Date(s) - 20 Feb 2018
11:00 AM - 12:00 PM
Soft Materials for Unconventional Machines and Electronics
Prof. Michael Bartlett
Department of Materials Science Engineering
Iowa State University
Multifunctional soft materials create intriguing new opportunities to enhance performance and enable innovative designs. I will discuss two examples of this approach, one that utilizes material composition through liquid-solid hybrid composites for soft machines and deformable electronics and another inspired by Kirigami, the art of paper cutting, where material structures are manipulated to create materials with tunable functionality. For hybrid composites, I will present an all-soft matter approach that combines soft elastomers with dispersions of liquid-phase eutectic Ga-In (EGaIn) metal alloy microdroplets. Experimental and theoretical investigations show that liquid metal droplets incorporated into elastomers greatly enhance dielectric constant and thermal conductivity while preserving a low elastic modulus (< 250 kPa) and large extensibility (~ 600 % strain). Furthermore, I will show how thermodynamically meta-stable particles enable autonomous stiffness tuning. For kirigami, I will present a framework for designing materials with highly tunable mechanical and adhesive properties. This is demonstrated with hybrid cut architectures to create highly tunable mechanical properties, stretchable conductors, and rapid magnetoactive soft actuators which elongate to 330 % in ~0.1 s. Furthermore, by incorporating kirigami-inspired structures at interfaces, we can enhance adhesive force by a factor of ∼100 across a spatially patterned sheet while tuning adhesion in different directions for high capacity yet easy release interfaces. These approaches provide model systems to study fundamental material properties while enabling functionalities such as electronic skins and artificial muscles for a variety of soft matter systems.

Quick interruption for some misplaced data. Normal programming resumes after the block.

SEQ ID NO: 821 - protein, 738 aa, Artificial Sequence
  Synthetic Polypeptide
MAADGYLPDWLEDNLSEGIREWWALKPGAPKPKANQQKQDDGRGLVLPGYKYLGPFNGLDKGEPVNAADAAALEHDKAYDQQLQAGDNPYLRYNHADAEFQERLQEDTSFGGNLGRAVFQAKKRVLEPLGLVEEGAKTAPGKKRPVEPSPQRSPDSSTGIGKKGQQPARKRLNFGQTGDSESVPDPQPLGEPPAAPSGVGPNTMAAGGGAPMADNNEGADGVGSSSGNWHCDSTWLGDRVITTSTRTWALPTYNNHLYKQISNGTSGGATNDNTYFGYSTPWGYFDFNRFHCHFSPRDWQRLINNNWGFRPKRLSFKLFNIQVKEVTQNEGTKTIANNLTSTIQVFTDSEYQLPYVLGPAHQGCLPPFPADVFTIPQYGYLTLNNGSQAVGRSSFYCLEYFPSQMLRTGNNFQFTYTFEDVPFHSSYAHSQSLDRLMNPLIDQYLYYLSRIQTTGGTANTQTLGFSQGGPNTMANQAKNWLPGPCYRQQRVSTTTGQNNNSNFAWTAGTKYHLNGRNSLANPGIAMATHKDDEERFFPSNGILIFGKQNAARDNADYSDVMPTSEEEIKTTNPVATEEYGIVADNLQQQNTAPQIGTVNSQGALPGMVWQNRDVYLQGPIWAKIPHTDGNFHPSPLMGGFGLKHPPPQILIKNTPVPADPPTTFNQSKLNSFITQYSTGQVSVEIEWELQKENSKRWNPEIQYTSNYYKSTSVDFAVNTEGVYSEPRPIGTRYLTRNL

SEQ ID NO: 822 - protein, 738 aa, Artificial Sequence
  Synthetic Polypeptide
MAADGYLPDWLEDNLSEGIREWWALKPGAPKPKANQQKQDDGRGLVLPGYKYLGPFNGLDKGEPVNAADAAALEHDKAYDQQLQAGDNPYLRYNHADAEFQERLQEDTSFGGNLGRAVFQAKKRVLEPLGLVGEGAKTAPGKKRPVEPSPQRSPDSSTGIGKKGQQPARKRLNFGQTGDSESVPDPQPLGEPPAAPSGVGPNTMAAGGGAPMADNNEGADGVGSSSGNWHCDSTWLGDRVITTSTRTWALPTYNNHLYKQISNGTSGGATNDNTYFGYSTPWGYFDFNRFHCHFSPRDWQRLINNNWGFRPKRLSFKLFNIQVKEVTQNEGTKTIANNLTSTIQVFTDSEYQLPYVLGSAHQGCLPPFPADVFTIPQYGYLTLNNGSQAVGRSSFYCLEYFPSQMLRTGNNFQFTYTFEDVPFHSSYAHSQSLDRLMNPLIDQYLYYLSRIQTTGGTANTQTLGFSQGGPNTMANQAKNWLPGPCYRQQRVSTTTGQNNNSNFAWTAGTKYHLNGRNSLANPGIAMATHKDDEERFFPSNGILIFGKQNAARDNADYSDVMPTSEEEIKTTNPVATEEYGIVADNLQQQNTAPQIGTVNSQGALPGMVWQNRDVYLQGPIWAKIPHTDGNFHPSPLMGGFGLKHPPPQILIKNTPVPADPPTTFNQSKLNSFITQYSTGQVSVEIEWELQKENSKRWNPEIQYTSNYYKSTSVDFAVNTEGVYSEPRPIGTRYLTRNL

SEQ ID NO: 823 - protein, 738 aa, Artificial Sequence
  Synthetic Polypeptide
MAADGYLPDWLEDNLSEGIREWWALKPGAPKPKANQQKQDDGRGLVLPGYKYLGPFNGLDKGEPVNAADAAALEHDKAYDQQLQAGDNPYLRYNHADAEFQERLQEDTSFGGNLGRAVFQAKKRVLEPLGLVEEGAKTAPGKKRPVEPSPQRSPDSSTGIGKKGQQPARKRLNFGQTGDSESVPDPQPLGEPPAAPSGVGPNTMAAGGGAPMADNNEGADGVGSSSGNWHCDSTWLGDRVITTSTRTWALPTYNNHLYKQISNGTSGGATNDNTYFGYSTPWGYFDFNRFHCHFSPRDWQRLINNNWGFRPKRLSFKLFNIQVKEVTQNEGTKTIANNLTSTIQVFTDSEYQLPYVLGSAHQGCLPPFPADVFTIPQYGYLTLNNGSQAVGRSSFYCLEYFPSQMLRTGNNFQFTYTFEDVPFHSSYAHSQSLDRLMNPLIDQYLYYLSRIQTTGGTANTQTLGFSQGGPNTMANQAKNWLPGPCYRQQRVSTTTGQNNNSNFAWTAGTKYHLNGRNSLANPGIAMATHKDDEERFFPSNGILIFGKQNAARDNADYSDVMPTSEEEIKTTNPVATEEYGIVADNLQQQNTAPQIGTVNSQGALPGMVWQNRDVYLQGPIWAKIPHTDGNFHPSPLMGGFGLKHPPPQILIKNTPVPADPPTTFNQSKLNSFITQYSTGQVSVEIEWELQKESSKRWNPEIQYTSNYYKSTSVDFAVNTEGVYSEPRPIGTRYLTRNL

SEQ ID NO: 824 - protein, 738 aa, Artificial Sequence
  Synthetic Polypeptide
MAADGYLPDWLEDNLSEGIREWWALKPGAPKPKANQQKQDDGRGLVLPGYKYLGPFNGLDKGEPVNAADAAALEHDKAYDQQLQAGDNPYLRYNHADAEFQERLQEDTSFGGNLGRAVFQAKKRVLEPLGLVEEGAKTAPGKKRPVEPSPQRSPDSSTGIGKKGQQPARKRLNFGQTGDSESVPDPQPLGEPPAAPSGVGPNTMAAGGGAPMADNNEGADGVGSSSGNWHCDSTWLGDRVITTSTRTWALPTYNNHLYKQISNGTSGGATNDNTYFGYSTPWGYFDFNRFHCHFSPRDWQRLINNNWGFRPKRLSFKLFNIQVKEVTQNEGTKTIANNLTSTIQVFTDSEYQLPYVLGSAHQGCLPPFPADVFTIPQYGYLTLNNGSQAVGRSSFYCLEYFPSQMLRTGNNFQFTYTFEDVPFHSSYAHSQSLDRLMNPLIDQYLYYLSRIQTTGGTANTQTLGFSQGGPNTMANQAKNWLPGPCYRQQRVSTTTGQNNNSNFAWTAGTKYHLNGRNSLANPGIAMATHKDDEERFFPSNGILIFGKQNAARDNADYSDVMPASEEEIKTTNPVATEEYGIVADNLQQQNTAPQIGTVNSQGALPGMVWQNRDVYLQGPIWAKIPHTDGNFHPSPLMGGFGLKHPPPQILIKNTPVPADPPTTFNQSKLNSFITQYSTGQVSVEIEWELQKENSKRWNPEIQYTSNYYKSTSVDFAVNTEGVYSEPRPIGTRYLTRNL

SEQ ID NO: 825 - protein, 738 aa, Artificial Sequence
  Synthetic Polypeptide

Dr. Michael Bartlett is an Assistant Professor of Materials Science and Engineering at Iowa State University. His research lies at the intersection of soft materials, mechanics, and multifunctional composites where he aims to investigate and create soft materials with unconventional properties, including deformable electronics and soft robotics, adaptive materials, and ‘smart’ adhesives. He received his BSE in Materials Science and Engineering from the University of Michigan in 2008 and completed his Ph.D. in Polymer Science and Engineering at the University of Massachusetts Amherst in 2013 under the guidance of Professor Alfred Crosby studying bio-inspired adhesion. After obtaining his Ph.D. he worked as a Senior Research Engineer in the Corporate Research Laboratory at 3M and as a Postdoctoral Fellow at Carnegie Mellon University with Professor Carmel Majidi before joining Iowa State in 2016. His research has resulted in publications, patents, extensive media coverage through outlets such as the Discovery Channel, and awards including an Outstanding Faculty Award from the Iowa State Engineering Student Council (student nominated) in 2017 and a 3M Non-Tenured Faculty Award in 2017.